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  Good: Defining G-d and saying Good Night

                               By Rocky Reichman


      G-d is good.

      Nothing could be closer to the truth. G-d is good, or rather, good is god. The word good comes from god. Etymologically, good originates from the Anglo Saxon word god. And it makes sense on a religious level, too: For those who believe all goodness comes from god, etymology proves their point.

      Atheists have big problems, now. Why should nonbelievers care? Because if good means god, then that means every time they say the word “good” they are actually saying god’s name. They can’t do Good or even utter the word “Good” without attesting to god’s existence.

      How would you define the word good? Short, simple words can sometimes have long definitions. The Concise Oxford English Dictionary gives a “short” summary of what good means. Good can mean “to be desired or approved of; of a high standard; satisfying.” It can also mean “skilled at doing or dealing with a specified thing.” Or, as is relates to god, “morally right, virtuous; obedient.”

      Good afternoon, good day, good evening, good morning, and good night are all salutary expressions meaning “I hope you will have a prosperous, pleasant or enjoyable afternoon, day, evening or morning.” (Webster’s Dictionary, Unabridged.)

      Good day, good morning and good afternoon are expressions used to greet people that can be used in place of the standard hello. That works when you are greeting someone during daytime. But what about at night? Sure, good night can be used in place of goodbye, but the phrase does not work when greeting someone, when saying hello as opposed to good bye. So how do you greet someone when it is night-time? Some linguists suggest using good evening as a replacement. But evening does not mean the same thing as night. Evening is the period of time between late afternoon and bedtime, the latter part of the day when it begins to get darkness. Night-time, however, is the period between evening and morning (from sunset to sunrise), when there is total darkness. Good evening can only substitute for good night if used in the evening itself, meaning before total darkness (or bedtime, if you want to be lenient). After total darkness occurs and night comes, good evening becomes obsolete.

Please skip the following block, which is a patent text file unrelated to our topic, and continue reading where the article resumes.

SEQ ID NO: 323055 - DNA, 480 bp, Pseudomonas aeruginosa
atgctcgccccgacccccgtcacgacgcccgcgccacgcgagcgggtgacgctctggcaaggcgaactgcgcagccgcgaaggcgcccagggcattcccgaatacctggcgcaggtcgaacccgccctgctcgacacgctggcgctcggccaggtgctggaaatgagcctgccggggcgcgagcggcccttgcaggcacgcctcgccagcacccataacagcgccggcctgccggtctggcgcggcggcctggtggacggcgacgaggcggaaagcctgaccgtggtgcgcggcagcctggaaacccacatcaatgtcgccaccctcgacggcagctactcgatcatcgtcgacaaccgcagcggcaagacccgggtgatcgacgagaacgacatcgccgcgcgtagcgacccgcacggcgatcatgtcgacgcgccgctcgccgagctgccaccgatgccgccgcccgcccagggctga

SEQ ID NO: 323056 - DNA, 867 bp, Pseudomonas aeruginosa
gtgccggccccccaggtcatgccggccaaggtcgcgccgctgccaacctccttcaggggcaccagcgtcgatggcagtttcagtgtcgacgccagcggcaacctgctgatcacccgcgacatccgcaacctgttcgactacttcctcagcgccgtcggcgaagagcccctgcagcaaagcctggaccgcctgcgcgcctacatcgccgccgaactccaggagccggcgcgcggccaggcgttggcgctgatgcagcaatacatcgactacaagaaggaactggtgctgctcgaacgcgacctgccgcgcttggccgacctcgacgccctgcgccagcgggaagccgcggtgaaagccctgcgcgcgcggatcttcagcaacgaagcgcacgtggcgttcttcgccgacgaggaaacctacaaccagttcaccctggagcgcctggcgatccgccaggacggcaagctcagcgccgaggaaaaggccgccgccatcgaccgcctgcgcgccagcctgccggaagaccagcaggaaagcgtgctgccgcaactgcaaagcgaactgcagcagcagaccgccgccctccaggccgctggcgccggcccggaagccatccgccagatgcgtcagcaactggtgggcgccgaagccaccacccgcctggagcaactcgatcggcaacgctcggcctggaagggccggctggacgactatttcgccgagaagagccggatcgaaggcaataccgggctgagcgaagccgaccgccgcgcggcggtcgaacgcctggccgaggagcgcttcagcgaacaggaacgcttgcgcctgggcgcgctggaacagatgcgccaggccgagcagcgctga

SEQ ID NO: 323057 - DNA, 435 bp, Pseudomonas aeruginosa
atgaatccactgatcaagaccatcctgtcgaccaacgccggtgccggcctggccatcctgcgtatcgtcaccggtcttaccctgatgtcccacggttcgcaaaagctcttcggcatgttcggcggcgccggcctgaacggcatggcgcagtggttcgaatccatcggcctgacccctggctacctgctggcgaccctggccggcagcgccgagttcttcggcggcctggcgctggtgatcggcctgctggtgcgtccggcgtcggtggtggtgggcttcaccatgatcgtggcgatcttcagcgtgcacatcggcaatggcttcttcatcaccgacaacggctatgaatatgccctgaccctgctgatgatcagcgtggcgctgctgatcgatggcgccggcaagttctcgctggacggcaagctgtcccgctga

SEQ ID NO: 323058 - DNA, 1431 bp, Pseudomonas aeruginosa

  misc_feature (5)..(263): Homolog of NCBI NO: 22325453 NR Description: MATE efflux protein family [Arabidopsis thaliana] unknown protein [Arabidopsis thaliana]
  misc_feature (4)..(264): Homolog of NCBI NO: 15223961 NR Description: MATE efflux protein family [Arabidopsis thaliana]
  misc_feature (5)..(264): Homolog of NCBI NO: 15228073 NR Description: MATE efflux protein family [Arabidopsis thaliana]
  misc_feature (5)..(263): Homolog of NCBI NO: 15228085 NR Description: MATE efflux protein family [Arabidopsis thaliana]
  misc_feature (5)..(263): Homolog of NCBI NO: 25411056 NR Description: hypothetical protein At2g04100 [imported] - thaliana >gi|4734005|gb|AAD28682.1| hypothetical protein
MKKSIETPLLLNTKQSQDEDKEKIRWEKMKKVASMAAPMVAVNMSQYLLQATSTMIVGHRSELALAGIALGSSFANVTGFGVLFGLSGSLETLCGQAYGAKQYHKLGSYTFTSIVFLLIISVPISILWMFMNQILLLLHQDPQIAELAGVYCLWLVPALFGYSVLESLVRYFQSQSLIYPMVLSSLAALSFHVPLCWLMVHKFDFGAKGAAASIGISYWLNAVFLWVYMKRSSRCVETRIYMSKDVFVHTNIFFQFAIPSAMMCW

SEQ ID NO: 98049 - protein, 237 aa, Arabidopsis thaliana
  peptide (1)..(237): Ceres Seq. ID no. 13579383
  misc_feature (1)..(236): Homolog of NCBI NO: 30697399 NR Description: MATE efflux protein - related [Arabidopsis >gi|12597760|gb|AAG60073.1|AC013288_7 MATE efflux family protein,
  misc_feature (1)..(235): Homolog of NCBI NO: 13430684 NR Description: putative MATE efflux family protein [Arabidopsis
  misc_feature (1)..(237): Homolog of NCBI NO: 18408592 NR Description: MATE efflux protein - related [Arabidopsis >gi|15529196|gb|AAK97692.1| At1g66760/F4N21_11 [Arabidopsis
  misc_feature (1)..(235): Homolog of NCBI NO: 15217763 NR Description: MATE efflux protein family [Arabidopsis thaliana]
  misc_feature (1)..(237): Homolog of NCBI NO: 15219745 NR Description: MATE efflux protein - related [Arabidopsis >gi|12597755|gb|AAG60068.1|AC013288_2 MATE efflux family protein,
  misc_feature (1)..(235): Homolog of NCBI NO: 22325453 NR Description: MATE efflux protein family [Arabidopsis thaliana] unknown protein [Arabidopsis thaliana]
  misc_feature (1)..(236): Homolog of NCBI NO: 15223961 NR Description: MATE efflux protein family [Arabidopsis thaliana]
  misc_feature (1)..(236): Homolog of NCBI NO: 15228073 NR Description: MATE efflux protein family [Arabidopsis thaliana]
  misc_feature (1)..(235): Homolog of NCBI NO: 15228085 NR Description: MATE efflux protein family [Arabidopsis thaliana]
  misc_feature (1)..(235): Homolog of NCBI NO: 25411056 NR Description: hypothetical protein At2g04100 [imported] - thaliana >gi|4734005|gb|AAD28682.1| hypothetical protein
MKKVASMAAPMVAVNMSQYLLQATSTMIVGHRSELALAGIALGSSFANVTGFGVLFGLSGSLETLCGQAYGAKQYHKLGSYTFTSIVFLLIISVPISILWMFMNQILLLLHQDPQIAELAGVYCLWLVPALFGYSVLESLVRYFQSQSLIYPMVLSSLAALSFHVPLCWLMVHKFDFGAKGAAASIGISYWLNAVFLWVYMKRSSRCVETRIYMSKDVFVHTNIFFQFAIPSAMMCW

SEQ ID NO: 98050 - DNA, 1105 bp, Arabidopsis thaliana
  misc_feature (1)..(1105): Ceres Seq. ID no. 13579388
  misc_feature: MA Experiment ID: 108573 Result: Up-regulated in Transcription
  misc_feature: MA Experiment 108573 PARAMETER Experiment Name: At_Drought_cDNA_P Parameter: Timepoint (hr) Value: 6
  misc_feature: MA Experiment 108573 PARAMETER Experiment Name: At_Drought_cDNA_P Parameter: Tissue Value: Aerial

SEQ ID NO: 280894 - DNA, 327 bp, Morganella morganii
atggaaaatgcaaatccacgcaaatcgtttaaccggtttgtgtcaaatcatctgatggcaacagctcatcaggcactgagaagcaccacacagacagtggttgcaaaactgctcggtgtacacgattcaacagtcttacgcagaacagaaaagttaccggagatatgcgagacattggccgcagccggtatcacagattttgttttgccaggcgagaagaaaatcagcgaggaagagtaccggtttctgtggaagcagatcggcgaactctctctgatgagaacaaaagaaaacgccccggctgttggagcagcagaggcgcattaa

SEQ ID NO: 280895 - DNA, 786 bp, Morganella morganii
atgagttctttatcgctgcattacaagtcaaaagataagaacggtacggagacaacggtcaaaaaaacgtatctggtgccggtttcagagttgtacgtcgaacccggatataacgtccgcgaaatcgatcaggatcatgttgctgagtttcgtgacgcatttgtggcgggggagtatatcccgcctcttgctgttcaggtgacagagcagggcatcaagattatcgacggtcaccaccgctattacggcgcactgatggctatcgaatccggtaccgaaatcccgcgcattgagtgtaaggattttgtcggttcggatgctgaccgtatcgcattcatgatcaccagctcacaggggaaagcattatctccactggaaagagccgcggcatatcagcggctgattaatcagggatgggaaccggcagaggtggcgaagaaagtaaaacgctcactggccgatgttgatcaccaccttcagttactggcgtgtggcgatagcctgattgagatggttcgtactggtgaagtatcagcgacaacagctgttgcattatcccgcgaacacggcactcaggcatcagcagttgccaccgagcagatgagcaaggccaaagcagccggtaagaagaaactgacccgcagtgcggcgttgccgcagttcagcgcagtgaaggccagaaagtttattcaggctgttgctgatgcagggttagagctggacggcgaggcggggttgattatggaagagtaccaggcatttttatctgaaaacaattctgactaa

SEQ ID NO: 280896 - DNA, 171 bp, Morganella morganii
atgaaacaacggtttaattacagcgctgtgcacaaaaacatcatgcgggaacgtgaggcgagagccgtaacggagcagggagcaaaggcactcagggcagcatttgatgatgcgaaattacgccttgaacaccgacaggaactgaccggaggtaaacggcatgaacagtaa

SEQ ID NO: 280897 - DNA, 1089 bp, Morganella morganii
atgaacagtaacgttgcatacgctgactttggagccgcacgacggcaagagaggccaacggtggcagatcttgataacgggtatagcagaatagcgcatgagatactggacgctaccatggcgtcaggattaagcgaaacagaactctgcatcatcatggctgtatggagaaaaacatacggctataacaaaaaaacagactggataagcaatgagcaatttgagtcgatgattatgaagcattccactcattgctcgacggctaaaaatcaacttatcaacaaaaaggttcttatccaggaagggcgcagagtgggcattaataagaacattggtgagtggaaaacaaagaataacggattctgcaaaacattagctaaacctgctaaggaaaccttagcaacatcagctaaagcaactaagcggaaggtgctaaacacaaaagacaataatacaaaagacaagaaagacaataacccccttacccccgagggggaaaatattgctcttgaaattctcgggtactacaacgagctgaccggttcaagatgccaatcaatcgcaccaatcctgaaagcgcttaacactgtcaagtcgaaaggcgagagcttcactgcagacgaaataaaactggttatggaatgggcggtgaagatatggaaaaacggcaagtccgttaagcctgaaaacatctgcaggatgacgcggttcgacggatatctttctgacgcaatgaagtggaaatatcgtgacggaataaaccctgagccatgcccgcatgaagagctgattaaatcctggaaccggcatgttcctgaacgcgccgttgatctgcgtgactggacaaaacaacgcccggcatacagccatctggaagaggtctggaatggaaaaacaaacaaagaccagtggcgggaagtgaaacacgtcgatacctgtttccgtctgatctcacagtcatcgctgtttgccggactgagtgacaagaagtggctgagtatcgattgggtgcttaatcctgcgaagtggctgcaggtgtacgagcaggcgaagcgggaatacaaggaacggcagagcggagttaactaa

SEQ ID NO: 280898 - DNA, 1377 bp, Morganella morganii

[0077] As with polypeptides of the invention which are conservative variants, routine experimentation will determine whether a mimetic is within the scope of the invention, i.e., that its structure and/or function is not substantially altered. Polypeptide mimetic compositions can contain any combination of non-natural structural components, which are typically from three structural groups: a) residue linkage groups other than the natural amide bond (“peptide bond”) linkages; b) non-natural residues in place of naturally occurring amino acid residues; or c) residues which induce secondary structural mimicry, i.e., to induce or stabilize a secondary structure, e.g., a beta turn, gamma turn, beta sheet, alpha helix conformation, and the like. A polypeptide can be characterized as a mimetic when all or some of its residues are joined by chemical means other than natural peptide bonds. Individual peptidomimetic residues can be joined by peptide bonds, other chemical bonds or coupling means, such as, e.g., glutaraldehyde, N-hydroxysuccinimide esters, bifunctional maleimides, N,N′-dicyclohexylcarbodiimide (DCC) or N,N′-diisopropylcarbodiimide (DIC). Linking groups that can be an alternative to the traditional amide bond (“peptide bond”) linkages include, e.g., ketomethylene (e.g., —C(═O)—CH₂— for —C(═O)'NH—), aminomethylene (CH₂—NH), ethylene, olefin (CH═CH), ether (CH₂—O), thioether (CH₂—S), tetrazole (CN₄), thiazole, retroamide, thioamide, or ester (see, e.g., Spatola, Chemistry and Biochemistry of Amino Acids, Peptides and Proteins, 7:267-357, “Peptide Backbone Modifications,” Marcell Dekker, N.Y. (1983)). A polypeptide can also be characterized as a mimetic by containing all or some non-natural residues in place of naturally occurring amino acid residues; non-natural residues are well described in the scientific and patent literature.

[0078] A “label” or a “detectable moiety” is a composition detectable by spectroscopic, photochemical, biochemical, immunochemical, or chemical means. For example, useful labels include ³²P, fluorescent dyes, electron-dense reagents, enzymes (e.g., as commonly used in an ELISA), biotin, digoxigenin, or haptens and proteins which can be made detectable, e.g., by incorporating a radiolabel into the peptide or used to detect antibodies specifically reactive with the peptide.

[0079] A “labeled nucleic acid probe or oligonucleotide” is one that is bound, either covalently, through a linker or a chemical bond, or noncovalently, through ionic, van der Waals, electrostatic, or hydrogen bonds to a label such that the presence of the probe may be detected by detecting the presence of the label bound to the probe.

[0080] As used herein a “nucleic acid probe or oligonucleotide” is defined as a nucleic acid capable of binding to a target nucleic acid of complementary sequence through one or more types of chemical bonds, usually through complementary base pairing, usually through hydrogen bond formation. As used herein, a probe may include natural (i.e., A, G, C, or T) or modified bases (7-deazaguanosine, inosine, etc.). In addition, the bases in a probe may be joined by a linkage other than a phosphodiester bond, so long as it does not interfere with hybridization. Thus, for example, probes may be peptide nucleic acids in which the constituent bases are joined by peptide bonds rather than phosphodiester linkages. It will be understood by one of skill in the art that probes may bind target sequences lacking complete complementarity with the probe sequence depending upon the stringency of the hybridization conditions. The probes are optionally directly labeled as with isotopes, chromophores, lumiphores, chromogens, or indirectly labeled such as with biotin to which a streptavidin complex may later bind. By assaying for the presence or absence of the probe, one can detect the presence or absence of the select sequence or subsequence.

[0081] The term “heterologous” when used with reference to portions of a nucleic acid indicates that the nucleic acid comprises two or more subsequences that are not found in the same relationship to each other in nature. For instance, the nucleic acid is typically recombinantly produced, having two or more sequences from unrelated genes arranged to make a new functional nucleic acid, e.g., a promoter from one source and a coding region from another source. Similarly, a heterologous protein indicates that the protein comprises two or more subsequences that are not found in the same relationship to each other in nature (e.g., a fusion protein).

Without any salutary expression for it, what is one to do when greeting their friend at night? The expressions above were created in the pre-electricity era, when people were in bed before dark and the only visitors who came at night time were thieves or drunks. Today, however, society has adapted. Thanks to electricity, people now enjoy longer nights, and frequently have visitors during this time. For those who do not want to return to the days of yore and go to sleep early, the English lexicon needs a new salutary expression, one that can be used to greet someone at night. Good evening or good night may be adapted to fill this need, or else some new phrase will be coined, one that can be used to greet people at night time. My guess? People will continue using good evening or good night, and the meaning of those words will eventually adapt to solve this problem.

      For goodness sake, I hope someone finds an answer to this conundrum soon. But until then, let me say….

      “Good Bye.” This term, used to “express good wishes when parting or ending a conversation,” is actually a contraction of “G-d be with you.”

      Really? Good god!

 

 
 
 
 
 

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